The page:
Jaigon’s a pretty typical, non-touristy Indian town. There are two large, half-tarmaced streets with some extremely ramshackle hotels, a Bollywood cinema and frantic streets. So why am I here? Well, about ten metres behind my city centre hotel is a big mountain, empty mountain. And that mountain is another country: Bhutan.
Jaigon is actually split in half by the border, but the other half has so far been inaccessible to me. Bhutan change their mind frequently about the status of the border here – does it open into a ‘free zone’ which everyone can go into for a day without paying, or do you need a $200 dollar/ day visa just walk through the elaborate pearly gates and out of the chaos at the other end of town. Two days worth of trying, and so far I’ve been stuck with the extremely expensive option; the hotel owners have made a couple of ‘trick’ suggestions to me (not illegal, don’t worry mum!), and I’ll be checking them out tomorrow. If not, unfortunately it’s bye bye the Bhutan idea.
The centre of Jaigon might not be the most fun in the world, but walking around the nearby countryside is great. I spent a morning lying around in a tea plantation, the faintest hint of a cuppa wafting around me while I read my novel and soaked up the sun. The plantations go on for miles, stretching from the Bhutanese border back a full, unbroken 20kms to the next village. Who knows after that.
A couple of kilometres out of the town muddy side streets start to appear, with run down open air markets and little shacks selling sweets and tobacco. I picked one and went for a long walk. Jaigon is miles of the tourist trail, so the locals here are immeasurably nicer and less money focused. I sat in a families front room and talked for a couple of hours about life in the villages with their son, eating fruit and learning about Indian schooling. I went so close to the Bhutanese border out in the countryside that I was probably on the verge of an illegal crossing (the Indian flags on buildings had stopped and I could see the Bhutanese ones in front of me), before a local man warned me of some previous robberies and turned me back. The streets feel almost tropical, with housing plots separated by palms, huge winding trees covered in moss and paddy fields replacing the tea every so often. You could almost mistake the outskirts of Jaigon for Thailand.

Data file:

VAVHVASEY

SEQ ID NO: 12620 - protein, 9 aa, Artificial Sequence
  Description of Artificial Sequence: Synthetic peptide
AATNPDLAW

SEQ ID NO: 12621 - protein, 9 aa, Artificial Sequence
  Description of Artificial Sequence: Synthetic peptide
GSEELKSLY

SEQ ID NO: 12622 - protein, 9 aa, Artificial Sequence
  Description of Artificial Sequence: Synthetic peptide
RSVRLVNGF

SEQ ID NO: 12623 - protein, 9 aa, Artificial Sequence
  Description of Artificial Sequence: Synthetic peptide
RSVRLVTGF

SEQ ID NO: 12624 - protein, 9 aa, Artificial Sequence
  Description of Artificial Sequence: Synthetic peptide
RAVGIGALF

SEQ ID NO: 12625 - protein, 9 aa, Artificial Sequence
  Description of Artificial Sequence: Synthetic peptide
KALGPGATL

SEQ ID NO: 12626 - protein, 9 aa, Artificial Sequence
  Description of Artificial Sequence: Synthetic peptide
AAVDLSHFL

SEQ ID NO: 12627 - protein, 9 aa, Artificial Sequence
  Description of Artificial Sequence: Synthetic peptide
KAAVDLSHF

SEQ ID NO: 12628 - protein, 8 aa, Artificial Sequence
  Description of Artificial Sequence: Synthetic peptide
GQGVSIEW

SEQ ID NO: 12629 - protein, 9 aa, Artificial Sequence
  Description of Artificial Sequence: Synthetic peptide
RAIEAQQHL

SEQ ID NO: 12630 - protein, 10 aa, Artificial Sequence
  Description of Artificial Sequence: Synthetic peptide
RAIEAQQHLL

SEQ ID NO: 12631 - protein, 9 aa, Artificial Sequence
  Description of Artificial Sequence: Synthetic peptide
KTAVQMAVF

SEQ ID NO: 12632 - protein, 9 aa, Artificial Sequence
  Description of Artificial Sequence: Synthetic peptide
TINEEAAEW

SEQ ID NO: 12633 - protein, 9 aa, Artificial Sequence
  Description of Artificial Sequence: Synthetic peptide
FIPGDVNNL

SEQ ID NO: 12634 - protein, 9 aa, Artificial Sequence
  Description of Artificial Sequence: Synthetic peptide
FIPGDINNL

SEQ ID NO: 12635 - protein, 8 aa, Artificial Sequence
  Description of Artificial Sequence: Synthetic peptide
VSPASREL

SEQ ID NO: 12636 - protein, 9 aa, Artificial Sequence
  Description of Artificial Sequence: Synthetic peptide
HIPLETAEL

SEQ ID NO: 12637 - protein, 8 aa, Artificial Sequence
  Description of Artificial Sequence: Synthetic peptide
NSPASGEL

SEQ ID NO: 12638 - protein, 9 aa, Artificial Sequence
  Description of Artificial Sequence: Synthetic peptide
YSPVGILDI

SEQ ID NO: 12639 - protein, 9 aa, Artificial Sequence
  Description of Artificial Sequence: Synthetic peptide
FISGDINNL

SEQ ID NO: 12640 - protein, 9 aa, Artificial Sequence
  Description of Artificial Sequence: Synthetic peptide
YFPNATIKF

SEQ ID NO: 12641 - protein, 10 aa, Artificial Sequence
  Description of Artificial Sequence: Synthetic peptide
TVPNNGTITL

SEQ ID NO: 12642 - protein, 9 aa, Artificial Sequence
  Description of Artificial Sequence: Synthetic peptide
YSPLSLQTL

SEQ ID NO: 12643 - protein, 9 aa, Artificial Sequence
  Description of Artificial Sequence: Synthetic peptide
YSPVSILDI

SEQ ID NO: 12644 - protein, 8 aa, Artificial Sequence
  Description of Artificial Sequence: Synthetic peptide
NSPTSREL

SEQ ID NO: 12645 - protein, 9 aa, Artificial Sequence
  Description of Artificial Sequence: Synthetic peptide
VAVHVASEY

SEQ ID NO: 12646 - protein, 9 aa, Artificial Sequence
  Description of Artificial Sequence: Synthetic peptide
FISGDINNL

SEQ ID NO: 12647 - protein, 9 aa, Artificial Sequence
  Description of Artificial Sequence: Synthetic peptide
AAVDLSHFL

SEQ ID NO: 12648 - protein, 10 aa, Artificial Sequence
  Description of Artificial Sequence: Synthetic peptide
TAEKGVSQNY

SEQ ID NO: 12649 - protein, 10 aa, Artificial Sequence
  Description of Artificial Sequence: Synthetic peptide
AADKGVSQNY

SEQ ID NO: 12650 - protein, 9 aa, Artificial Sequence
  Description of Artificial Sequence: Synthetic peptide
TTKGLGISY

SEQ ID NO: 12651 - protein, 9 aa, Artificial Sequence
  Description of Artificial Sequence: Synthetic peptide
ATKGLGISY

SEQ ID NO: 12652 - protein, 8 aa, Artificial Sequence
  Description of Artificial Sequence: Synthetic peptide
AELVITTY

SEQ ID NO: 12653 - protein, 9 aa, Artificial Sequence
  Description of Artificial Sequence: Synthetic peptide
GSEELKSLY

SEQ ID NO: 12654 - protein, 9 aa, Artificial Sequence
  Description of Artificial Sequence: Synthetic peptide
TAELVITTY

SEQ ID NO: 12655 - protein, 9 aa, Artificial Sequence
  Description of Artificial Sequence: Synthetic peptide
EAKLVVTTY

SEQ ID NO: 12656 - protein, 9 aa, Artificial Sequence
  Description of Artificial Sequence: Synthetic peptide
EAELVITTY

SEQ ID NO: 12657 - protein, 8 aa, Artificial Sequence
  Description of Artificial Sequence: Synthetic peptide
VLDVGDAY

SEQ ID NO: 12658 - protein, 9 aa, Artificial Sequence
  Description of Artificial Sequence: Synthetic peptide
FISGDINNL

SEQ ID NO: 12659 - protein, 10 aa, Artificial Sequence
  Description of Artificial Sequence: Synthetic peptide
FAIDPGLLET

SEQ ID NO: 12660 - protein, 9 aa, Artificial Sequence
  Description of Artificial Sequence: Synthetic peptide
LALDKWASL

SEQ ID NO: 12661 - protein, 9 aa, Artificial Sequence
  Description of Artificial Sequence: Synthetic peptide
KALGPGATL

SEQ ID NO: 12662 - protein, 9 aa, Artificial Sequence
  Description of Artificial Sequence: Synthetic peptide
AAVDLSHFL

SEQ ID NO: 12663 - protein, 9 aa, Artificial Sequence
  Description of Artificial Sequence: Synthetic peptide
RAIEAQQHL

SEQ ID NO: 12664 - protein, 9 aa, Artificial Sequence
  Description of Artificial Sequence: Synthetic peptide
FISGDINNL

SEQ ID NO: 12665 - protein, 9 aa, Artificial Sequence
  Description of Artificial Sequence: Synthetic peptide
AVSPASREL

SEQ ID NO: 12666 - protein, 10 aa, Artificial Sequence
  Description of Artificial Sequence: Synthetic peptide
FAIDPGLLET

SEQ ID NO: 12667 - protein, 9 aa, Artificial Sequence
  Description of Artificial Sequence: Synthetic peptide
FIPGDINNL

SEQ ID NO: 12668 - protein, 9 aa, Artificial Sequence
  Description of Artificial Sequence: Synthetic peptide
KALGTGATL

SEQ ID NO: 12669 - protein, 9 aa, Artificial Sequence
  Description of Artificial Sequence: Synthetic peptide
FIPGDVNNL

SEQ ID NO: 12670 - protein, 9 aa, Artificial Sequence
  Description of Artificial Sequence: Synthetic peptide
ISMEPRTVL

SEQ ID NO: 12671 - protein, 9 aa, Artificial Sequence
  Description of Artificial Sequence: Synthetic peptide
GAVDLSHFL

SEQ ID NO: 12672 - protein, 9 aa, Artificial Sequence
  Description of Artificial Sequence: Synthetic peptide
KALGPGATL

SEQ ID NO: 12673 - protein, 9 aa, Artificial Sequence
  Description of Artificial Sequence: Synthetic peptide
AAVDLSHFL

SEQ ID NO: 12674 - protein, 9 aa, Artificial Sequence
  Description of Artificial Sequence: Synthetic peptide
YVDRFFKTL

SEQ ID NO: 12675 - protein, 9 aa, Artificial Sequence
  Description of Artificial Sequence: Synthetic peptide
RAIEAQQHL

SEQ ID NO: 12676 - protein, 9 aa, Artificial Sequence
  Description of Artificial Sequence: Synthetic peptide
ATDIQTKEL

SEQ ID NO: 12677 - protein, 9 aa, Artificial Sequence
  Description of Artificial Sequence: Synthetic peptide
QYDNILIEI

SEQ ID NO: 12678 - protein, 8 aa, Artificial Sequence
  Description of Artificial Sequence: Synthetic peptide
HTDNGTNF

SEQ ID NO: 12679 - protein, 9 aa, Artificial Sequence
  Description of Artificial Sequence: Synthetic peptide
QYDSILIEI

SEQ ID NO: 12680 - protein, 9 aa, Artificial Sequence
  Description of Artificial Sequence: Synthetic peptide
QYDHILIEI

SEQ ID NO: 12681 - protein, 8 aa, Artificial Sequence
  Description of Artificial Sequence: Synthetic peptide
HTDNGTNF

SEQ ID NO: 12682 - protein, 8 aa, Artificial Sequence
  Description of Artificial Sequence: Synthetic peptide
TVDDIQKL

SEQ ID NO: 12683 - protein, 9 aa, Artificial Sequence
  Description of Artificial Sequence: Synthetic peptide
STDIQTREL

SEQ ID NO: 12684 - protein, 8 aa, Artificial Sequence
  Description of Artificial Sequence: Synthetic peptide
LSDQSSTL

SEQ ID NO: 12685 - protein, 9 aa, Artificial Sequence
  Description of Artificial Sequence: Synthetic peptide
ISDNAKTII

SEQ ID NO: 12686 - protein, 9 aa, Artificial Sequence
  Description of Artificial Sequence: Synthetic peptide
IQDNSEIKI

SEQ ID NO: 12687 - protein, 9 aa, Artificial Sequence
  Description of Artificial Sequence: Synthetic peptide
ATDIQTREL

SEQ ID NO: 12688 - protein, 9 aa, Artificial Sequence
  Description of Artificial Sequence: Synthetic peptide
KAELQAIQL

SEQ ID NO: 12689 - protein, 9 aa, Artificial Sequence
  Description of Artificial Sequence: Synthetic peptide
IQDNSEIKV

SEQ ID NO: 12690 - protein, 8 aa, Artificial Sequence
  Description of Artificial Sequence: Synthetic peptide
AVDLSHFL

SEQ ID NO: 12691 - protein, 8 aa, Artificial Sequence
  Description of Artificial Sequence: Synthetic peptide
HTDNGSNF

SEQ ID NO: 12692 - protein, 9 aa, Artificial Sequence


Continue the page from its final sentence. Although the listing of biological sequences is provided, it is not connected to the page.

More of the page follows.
Next I went to the market, and took dozens of photos of stallholders with their vegetables, which amused them no end. There were a few fruits I’ve never seen before: one that looked like a lemon, except with big spikes on the skin, and a grape-sized fruit in a thick green skin that had soft, sickly sweet white segments inside.
The food here is great overall, in fact. It’s a weird kind of Asian fusion mix. I’ve had Thukpa – Tibetan noodles with various vegetables and flavours, and tried a Bhutanese dish that seemed like a potato version of cauliflower cheese apart from the big green chillies that came with it. Both were excellent, and my stomach is in by far the best state it’s been in since I’ve been here.
Even if I don’t make it over the border, there’s still a good sample of Bhutanese culture here, with shops selling only Bhutanese produce, around half the people walking around in Bhutanese skirts (a little like kilts, men wear them too, though I assume with something under them!) and most people here seem to speak in both Bengali and the Bhutanese language. Bhutanese people are remarkably similar looks wise to Koreans; even the language sounds similar (so similar, in fact, that I overheard someone speaking for a few seconds and thought they were Korean, though they looked at me very oddly when I said hi!).
I’ll know tomorrow if I can get to Bhutan or not. Even if I cant, it’s been so good to relax away from the tourist trail (I’m sure Jaigon hasn’t seen a non-Asian foreigner in a while, it certainly seems like it), though I must admit the chance to make those lush looking mountains just round the corner nearly tempted me into a single day, $200 visa. Nearly, but not quite.
Finger aside (entry to follow!), things seem to be on the up. Helena even has a phone now, which has cheered me up a whole lot too.
Love to you all!